Gilbert Shelton: “Hedonist, radical and gulf”: Gilbert Shelton, the ‘hippie’ who landed in Barcelona and today triumphs on television | icon

If there is an anecdote that defines Gilbert Shelton (Houston, Texas, 81 years old) well, it is the strenuous efforts he made for years to avoid being sent to the Vietnam War. Shelton was theoretically recruitable from the time he came of age, but he circumvented that risk by successively enrolling in a series of college graduate courses, in New York, Cleveland and his native Texas, to obtain extensions of studies. He barely attended class, he was already dedicating himself to subversive journalism and comics, but his official student status kept him away from the army.

Exhausted all extensions, finally requested an exemption for health reasons. The medical tribunal that judged his case was simply told that he was a hippy, who had been using psychedelic drugs for several years and believed that this habit had caused serious mental disorders. He was declared unfit without further questioning. After resorting to all kinds of stratagems and trickery, it was a desperate act of sincerity that saved his skin.

Because Shelton, as he confessed years later in an act of homage dedicated to him by the Barcelona Center for Contemporary Culture, would not have survived “not even a quarter of an hour” in the jungle of Vietnam: “I am clumsy, indolent, neurotic, and I would have gone to that blind madness of marijuana and LSD. My own teammates would have had enough of me and would have cut my throat at the first opportunity.

The Freak Brothers travel to the future

These days, Shelton, the man who saved himself from a war thanks to drug use, is back in the news because of The Freak Brothers, an animated series based on his work produced by the Tubi channel and which has been released in Spain by HBO Max. The first season of the series has been successful and its creators have just confirmed that a second is being worked on, with a premiere scheduled for the end of this year.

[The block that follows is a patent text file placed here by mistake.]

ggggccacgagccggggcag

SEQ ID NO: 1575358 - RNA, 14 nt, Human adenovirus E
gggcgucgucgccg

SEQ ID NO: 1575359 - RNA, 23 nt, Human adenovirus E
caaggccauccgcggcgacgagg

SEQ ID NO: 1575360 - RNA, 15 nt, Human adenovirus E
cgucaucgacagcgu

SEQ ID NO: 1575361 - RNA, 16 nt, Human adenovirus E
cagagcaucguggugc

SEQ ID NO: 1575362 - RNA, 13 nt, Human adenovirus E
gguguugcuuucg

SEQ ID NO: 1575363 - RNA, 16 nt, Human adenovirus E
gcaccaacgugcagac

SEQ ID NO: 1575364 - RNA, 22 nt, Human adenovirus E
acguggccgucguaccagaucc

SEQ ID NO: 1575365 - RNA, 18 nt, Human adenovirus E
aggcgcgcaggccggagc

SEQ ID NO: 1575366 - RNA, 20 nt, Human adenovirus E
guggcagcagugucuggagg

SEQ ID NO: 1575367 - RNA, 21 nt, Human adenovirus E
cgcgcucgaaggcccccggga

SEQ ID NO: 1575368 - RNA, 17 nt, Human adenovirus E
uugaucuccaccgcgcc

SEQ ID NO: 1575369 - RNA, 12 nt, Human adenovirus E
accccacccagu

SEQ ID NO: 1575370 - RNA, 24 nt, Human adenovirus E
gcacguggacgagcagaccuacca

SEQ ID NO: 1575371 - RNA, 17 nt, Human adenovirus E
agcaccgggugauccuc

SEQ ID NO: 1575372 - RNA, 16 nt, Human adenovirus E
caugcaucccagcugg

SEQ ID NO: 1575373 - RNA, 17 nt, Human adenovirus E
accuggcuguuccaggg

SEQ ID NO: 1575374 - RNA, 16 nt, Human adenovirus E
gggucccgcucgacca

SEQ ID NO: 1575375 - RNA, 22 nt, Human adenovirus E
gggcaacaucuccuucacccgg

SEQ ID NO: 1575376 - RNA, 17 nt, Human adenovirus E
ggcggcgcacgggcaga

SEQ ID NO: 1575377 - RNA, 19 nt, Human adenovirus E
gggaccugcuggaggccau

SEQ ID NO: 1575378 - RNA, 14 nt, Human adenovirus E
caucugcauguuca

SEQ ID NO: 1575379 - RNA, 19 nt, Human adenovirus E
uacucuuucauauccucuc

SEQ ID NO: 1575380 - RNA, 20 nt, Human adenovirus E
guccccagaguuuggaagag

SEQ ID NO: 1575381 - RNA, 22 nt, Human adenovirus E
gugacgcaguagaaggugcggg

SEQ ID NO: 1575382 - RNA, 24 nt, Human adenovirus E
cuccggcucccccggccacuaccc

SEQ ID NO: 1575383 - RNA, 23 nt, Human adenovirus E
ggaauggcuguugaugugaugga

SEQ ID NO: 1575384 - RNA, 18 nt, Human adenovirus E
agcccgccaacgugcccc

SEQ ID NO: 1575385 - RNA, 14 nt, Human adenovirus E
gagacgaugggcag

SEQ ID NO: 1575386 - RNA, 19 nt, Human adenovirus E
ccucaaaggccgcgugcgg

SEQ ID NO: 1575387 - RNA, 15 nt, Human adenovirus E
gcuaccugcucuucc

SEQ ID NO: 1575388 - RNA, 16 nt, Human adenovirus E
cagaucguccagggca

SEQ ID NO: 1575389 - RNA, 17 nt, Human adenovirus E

Gilbert Shelton signs one of his works during the SXSW Festival in Austin, Texas, in 2010.Cassie Wright (WireImage)

The Freak Brothers of the title are an endearing trash gang, a quartet of counterculture survivors hippy toxic, messy and filthy that Shelton created in 1968 and that accompanied him until 1997. They appeared for the first time in the flyer advertising for the premiere of an underground short, The Texas Hippies March on the Capitol (Texan hippies storm the Capitol), and a few months later they became secondary characters in Feds n’ Headsa comic strip self-published by Shelton himself.

Since the founding in 1969 of pirate comic book publisher and distributor Rip Off Press, Freak Brothers they had their own seriesThe Fabulous Freak Brothersin Spain) and even a popular spin off dedicated to the most hilarious and cynical of his characters, Fat Freddy, a polydrug cat with a tendency to defecate in inappropriate places. The original strip was, of course, a monument to political incorrectness whose philosophy is summed up in an unforgettable phrase, uttered by one of its characters, to which Shelton fervently subscribed: “Drugs make lack of money bearable, while that money does not make the lack of drugs bearable”.

Tubi’s series somewhat lowers the dose of madness and transgression of its original reference, but starts from a frankly funny premise: Shelton’s creatures smoke marijuana from a magical strain and take a time jump of more than 50 years, from the San Francisco from the late sixties to the present day. Against all odds, our time not only puzzles them, but also intrigues and fascinates them, so from the second chapter they strive to repeat the experience by incubating a marijuana seed in Freddy’s butt to see if it produces again the wonder herb.

decaffeinated lysergy